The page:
I enjoyed this collection much more than recent editions, perhaps because guest editor Curtis Sittenfield and I have similar tastes. As she states in her introduction, the success of the collection is probably the result of the “the idiosyncratic taste of a guest editor” being aligned more or less with the idiosyncratic taste of the reader. With that said, my favorites in this edition were:

The Apartment by T.C. Boyle in which a man tries to secure a woman’s Parisian apartment by offering her a reverse annuity, only to have her get the better end of the deal.

Sibling Rivalry by Michael Byers in which human and synthetic children begin to realize how they're similar and, more ominously, how they're different.

The Nanny by Emma Cline in which a young woman finds herself caught up in a Hollywood scandal.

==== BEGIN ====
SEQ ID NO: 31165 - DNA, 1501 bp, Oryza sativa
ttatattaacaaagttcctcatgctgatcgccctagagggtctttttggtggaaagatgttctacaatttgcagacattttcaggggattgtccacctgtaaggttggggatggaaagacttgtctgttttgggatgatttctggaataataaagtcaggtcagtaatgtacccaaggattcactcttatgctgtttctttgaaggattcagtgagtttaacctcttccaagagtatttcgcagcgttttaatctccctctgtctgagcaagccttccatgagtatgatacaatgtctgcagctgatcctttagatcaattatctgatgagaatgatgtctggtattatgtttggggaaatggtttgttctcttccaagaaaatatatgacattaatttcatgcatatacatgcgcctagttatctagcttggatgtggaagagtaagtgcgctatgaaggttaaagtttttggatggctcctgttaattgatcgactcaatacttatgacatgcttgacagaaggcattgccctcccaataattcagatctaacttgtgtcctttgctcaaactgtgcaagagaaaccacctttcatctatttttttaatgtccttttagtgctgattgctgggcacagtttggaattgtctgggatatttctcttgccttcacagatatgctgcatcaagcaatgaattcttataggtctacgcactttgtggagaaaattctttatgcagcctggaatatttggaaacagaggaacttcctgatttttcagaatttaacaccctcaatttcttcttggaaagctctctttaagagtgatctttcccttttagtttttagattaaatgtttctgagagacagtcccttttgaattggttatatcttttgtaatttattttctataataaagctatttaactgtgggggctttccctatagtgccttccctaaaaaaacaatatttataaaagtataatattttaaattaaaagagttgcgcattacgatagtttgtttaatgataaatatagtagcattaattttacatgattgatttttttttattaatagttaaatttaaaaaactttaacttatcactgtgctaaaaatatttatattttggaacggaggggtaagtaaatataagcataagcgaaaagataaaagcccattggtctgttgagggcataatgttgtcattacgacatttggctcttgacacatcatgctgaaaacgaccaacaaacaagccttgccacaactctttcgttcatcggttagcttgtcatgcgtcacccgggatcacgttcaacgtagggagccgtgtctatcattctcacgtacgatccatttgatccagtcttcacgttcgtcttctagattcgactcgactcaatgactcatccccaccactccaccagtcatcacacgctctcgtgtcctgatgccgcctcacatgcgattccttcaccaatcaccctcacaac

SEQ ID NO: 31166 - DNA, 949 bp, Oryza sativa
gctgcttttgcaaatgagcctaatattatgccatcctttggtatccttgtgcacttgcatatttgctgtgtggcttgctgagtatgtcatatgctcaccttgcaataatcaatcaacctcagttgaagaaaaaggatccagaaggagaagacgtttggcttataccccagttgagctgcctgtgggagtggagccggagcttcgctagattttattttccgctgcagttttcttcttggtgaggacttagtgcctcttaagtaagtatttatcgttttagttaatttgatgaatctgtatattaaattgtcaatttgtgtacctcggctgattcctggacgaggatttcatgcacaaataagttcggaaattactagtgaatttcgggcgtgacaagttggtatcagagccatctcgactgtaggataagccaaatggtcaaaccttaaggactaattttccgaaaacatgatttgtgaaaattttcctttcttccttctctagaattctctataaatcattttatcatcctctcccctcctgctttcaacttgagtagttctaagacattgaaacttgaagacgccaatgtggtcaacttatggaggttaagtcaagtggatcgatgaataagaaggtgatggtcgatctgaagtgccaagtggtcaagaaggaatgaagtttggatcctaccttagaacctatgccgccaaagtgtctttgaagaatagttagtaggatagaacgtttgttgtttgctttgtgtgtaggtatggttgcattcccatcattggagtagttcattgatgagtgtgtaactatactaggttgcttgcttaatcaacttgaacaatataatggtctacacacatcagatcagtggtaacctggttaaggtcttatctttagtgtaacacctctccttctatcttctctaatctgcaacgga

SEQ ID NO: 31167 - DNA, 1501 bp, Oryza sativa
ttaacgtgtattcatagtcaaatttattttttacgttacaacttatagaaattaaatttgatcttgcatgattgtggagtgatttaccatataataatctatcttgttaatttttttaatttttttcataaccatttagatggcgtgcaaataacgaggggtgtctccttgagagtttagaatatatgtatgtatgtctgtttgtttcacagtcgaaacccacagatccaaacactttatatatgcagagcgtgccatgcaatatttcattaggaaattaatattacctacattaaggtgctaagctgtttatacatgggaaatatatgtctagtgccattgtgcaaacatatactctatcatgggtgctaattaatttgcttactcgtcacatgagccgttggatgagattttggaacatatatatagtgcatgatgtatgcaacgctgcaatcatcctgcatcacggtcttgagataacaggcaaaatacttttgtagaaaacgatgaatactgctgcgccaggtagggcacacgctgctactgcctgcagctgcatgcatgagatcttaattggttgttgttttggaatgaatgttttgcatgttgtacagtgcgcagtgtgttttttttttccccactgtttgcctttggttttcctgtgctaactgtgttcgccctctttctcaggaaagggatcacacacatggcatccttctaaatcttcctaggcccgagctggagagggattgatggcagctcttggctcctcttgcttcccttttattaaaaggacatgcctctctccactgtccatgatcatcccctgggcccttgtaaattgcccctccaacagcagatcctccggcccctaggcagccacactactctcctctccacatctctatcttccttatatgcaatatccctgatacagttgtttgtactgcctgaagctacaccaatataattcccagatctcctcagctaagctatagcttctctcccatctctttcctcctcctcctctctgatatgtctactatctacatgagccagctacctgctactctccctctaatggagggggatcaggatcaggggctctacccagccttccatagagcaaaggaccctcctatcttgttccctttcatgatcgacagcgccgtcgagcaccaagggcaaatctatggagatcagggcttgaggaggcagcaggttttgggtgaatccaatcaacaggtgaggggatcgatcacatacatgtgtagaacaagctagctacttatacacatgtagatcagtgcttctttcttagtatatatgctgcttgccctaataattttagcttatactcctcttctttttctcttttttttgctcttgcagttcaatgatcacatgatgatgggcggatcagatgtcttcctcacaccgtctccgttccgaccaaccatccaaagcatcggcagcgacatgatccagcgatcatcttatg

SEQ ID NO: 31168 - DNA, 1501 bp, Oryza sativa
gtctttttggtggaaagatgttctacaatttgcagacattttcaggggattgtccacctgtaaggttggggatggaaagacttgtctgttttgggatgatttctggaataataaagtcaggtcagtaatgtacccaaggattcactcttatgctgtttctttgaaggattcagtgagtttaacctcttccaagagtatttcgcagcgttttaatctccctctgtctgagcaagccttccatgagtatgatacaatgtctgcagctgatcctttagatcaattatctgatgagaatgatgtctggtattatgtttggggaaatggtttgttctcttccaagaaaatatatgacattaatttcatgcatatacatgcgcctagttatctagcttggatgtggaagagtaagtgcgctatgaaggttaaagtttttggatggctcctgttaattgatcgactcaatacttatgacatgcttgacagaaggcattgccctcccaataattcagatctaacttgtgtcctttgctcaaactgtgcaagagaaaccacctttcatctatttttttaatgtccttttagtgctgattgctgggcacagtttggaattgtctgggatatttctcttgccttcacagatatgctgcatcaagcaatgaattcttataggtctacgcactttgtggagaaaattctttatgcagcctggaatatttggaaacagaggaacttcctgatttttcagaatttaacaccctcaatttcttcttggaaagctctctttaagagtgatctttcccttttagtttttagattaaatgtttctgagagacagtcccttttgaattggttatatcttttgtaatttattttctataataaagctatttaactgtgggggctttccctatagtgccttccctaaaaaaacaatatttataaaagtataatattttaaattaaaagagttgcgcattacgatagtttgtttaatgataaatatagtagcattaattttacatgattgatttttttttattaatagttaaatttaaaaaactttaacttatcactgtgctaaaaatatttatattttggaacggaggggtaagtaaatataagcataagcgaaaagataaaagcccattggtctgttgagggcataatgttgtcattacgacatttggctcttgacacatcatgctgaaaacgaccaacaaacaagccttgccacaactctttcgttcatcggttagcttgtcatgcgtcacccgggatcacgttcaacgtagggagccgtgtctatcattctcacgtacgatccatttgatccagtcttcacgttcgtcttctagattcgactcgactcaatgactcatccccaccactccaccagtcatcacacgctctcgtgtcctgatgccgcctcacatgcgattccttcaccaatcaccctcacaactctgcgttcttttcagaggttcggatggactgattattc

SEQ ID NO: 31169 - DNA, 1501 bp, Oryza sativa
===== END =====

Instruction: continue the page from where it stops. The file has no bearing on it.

Halloween by Marian Crotty in which a teen girl in love with her co-worker gets advice from her grandmother

This is Pleasure by Mary Gaitskill in which a woman deals with her conflicted feelings for a man caught up in a #MeToo scandal

Howl Palace by Leigh Newman in which an Alaskan woman has to deal with an unruly dog while trying to manage an open house

The Hands of Dirty Children by Alejandro Puyana in which a group of street children try to survive the crumbling city of Caracas, Venezuela

Kennedy by Kevin Wilson in which two high school boys are terrorized by a sociopathic bully
Profile Image for Brenna.
46 reviews2 followers
January 11, 2021